We head out with our guide. The sky is very clear and full of stars. There is a trail of flashlights leading up the 1700m Gunung Batur. Early on Mika is already laboring. About a third of the way up I have to carry her bag. We let several small groups pass us. The climb starts getting very steep and rocky. I am very tired, but stopping to rest and starting again is worse for me than just chugging on. We finally arrive at the end. Get some congratulatory handshakes from our guide and find our place on the stone bench to watch the sunrise. There is guy who asks if I want to buy a Coca-Cola. After sitting our guide informs us that this is only the first station. We can stop or keep going.
The next part to the peak is more tricky. The ground is thick sand at like a 60 degree angle. Mika’s shoes have no grip, so the guide pulls her hand while I push her butt up the sand. We finally arrive at the real top, where other hikers are already relaxing and enjoying beautiful silhouetted views of the surrounding volcanoes. Our guide shows us the spot where he will make steamed eggs from the volcanic gases. There is a woman, who hikes up the volcano everyday, selling tea and coffee. We get a cup of instant coffee, eat our volcano-steamed egg and banana sandwich and wait for the sunrise.
A Balinese guide praying at the peak of Gunung Batur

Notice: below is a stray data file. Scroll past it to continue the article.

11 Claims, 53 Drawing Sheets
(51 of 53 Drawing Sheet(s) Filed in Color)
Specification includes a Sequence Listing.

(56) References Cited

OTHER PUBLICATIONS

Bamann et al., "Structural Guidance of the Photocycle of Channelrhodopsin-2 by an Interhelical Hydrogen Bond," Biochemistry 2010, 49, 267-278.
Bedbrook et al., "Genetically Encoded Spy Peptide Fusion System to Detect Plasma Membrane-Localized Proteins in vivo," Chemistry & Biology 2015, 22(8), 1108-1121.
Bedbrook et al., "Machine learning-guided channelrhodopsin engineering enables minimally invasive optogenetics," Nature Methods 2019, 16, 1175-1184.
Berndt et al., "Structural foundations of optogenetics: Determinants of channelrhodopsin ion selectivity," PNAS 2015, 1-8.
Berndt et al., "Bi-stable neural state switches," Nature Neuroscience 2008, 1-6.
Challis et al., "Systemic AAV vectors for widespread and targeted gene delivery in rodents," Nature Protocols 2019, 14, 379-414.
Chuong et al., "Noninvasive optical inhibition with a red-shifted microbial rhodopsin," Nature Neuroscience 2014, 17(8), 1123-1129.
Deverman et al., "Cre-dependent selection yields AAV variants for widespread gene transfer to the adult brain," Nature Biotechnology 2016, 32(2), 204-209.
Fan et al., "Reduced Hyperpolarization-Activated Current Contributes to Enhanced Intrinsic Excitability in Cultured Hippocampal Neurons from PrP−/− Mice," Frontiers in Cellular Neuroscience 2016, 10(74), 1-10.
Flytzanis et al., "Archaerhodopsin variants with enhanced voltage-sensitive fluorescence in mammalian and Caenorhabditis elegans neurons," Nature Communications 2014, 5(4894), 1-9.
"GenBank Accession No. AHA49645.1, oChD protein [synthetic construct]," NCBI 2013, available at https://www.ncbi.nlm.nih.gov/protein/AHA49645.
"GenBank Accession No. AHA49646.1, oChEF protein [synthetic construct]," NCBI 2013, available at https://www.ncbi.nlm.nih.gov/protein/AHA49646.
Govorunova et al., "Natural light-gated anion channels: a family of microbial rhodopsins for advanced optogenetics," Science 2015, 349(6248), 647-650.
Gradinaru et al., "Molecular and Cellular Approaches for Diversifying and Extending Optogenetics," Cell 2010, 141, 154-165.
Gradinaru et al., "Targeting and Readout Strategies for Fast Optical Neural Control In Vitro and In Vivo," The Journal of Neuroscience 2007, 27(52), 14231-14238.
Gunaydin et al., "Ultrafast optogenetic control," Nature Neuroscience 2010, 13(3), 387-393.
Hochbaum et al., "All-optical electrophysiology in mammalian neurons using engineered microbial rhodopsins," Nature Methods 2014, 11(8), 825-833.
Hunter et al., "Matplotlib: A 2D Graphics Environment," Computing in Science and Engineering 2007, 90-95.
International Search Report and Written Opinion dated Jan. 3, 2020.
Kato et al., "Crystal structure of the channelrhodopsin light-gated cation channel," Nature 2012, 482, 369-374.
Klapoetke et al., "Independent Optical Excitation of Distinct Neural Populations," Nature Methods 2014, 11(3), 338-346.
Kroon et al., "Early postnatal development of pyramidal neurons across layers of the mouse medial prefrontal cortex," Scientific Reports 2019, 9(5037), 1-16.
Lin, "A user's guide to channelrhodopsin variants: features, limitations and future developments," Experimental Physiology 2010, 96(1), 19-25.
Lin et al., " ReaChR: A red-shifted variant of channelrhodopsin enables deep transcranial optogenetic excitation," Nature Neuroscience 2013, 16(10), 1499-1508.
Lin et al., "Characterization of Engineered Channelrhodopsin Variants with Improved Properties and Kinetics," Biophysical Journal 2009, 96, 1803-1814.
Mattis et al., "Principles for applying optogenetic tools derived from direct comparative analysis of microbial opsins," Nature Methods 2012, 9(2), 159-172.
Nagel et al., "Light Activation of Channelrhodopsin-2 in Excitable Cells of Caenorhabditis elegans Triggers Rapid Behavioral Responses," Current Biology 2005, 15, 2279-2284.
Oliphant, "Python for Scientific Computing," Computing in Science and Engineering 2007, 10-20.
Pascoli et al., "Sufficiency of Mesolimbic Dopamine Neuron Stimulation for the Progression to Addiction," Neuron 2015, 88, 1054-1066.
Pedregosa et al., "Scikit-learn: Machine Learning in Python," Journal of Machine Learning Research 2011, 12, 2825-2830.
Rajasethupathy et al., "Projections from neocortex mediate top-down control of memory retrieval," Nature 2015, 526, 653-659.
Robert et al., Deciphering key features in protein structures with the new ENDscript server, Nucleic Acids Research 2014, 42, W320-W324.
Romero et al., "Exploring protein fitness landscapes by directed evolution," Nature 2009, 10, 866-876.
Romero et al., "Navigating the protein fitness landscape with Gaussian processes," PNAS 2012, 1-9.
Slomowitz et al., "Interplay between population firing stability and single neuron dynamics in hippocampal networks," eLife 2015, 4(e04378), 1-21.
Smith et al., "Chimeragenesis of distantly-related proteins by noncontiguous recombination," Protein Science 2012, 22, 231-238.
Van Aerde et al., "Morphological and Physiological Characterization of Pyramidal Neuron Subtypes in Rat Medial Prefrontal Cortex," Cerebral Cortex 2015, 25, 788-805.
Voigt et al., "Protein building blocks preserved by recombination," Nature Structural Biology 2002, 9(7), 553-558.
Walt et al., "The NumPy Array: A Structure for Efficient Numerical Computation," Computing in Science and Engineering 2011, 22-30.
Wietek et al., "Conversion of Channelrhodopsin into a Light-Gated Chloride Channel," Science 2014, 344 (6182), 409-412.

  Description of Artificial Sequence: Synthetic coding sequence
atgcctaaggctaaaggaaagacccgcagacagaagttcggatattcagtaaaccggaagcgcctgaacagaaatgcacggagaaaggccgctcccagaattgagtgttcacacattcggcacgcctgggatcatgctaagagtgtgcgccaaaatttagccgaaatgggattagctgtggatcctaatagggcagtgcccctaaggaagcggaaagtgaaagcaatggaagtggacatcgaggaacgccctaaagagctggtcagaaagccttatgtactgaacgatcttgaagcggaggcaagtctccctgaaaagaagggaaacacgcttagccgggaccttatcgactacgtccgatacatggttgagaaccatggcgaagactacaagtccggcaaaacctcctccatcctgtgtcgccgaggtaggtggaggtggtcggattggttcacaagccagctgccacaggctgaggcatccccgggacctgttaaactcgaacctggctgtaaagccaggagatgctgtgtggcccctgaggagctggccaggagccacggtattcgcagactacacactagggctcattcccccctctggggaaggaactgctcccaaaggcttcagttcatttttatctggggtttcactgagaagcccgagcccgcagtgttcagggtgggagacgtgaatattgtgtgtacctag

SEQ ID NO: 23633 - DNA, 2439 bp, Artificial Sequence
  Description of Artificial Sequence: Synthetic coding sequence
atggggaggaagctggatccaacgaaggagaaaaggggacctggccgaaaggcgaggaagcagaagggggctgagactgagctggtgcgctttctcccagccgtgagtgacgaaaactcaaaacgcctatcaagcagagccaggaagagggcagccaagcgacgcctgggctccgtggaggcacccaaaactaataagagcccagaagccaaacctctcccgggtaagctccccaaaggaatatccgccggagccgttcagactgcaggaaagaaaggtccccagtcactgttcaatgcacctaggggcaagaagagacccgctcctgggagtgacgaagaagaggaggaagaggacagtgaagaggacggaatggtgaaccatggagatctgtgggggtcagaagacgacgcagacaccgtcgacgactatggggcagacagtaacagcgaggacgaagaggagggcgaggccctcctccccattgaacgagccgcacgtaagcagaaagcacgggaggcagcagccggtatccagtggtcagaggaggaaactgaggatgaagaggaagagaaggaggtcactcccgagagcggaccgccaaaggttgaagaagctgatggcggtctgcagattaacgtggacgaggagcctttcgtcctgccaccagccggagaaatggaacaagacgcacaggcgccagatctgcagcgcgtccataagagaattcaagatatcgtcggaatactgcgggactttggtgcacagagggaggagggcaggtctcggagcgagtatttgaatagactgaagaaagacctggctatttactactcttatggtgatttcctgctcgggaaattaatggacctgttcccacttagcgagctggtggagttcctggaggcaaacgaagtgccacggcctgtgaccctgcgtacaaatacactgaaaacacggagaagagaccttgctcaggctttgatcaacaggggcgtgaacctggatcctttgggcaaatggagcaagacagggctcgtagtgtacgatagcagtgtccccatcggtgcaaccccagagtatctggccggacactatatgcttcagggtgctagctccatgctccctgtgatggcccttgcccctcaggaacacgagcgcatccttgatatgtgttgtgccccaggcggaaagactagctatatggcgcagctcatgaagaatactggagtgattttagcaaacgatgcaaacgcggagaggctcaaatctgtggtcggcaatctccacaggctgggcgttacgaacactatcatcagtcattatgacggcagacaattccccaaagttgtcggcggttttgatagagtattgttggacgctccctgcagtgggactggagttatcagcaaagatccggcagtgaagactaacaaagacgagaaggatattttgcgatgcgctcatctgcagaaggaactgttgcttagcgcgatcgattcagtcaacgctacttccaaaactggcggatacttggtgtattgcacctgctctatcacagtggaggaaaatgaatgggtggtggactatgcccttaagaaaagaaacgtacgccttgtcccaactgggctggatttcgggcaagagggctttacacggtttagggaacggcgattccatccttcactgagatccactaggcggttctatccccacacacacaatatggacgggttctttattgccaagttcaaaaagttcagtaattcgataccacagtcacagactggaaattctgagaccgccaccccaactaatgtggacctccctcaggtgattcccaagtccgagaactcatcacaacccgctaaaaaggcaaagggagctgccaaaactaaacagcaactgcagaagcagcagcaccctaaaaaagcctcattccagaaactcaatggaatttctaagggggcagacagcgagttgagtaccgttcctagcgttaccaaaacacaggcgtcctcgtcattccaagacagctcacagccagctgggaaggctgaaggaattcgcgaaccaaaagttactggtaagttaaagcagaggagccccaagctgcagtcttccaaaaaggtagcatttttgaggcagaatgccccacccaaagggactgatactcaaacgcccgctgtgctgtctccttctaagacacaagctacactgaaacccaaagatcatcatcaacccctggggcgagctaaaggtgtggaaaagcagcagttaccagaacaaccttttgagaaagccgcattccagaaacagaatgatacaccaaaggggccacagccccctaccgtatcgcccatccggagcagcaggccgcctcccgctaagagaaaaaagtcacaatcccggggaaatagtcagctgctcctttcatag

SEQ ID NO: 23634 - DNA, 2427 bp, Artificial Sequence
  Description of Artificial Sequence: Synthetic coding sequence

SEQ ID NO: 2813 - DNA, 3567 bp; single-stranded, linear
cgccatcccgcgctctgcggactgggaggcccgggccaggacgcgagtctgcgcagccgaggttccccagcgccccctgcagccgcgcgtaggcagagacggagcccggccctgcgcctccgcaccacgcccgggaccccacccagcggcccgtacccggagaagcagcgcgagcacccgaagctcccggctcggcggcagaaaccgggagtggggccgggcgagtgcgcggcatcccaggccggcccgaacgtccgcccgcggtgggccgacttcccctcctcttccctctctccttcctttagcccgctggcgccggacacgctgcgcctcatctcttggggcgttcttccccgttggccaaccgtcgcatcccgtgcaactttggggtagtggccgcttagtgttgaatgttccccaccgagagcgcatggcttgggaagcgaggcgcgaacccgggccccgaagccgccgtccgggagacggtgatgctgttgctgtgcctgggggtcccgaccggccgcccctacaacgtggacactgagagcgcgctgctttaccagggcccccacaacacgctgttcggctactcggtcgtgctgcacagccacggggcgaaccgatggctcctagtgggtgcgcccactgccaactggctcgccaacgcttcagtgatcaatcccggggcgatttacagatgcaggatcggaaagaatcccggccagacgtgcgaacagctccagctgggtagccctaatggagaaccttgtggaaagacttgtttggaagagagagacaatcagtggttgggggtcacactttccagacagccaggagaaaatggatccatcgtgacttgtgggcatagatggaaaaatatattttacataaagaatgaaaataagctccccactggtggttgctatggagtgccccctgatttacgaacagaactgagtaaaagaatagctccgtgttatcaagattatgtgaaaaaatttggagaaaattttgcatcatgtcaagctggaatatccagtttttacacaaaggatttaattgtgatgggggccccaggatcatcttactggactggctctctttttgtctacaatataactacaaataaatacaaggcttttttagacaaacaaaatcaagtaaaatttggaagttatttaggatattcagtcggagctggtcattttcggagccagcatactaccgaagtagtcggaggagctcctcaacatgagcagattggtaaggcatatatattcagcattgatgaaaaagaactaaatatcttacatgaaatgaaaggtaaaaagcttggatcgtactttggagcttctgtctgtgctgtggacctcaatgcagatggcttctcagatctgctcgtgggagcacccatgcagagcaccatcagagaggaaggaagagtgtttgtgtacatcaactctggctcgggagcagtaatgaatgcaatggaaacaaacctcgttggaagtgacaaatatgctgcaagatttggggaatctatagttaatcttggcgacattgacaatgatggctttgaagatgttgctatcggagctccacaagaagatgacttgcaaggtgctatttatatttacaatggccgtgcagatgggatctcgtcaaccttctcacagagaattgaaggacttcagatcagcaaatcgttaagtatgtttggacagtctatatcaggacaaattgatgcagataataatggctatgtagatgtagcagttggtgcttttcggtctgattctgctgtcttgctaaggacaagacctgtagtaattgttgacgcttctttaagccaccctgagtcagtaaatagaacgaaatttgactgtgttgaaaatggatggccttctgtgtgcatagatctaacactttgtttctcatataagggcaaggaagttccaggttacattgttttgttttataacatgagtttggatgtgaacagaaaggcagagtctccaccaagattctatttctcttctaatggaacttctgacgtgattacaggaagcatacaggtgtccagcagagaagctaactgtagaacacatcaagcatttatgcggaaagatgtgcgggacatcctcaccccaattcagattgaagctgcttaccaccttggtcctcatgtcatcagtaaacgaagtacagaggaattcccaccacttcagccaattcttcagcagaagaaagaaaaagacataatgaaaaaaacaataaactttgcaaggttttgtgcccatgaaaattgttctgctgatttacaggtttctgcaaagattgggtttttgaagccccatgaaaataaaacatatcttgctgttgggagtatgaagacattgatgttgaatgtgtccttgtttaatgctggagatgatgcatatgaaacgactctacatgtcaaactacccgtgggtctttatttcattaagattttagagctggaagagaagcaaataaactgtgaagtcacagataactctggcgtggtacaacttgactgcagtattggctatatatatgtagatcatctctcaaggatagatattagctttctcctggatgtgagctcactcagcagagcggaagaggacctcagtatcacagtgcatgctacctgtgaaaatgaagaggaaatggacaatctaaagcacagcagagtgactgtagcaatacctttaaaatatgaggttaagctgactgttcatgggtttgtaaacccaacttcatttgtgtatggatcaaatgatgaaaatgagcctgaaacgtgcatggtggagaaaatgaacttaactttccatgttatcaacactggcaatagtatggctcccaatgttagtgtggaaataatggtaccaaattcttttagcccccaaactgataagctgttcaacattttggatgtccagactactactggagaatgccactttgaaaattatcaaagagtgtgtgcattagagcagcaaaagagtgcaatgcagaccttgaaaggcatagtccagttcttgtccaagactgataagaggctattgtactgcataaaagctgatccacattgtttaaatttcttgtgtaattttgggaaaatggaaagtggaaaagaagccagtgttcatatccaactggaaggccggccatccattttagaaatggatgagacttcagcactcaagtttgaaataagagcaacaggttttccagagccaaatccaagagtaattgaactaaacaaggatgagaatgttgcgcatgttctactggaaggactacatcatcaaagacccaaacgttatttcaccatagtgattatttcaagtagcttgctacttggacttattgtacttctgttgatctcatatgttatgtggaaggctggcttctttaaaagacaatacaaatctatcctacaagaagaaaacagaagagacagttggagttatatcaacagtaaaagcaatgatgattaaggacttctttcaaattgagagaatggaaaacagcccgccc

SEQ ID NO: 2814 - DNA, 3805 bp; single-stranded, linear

Hello Sunrise! Say "cheese"
The return down is around the rim of the crater. We find small pockets of warm steam emitting from the rocks. It is very cloudy now which has entirely killed the panoramic vistas. Our guide is a dud who does not really know anything and who lacks the English skills to have a sense of humor. But we are literally walking through a cloud on the crater of a living volcano that exploded sometime during the last century, so I won’t complain.After breakfast, I decide that I am ready to return to Ubud and want to drive as little as possible. We do have one final destination, Pura Besakih, the largest temple in Bali. Unfortunately, like the volcano trek, this place is full of unscrupulous guides and misinformation. It is a shame that whoever is in charge of this place (that is supposed to be a revered temple) lets it be spoiled by the dishonest pursuit of tourist money - even for non-believers. So after running the guantlet of deception, Mika and I have a walk through the temple area.
On the final leg of our journey, our valiant Suzuki steed is severely tested. There are many dump trucks in this area transporting volcanic rock and sand to other parts of Bali. Getting stuck behind them and attempting to pass them one after the other on these hills is a nightmare. In Gianyar, the last town before Ubud, we see some stalls selling food. Gianyar is famous for Babi Guling, split-roasted pig, a Bali specialty. Mika digs on swine. All of stalls only have pork or chicken, so I get my lunch at a pastry shop.We finally arrive to Ubud, exhausted. As of now, we have no travel plans for the immediate future. We will stay here until we figure out what we are doing.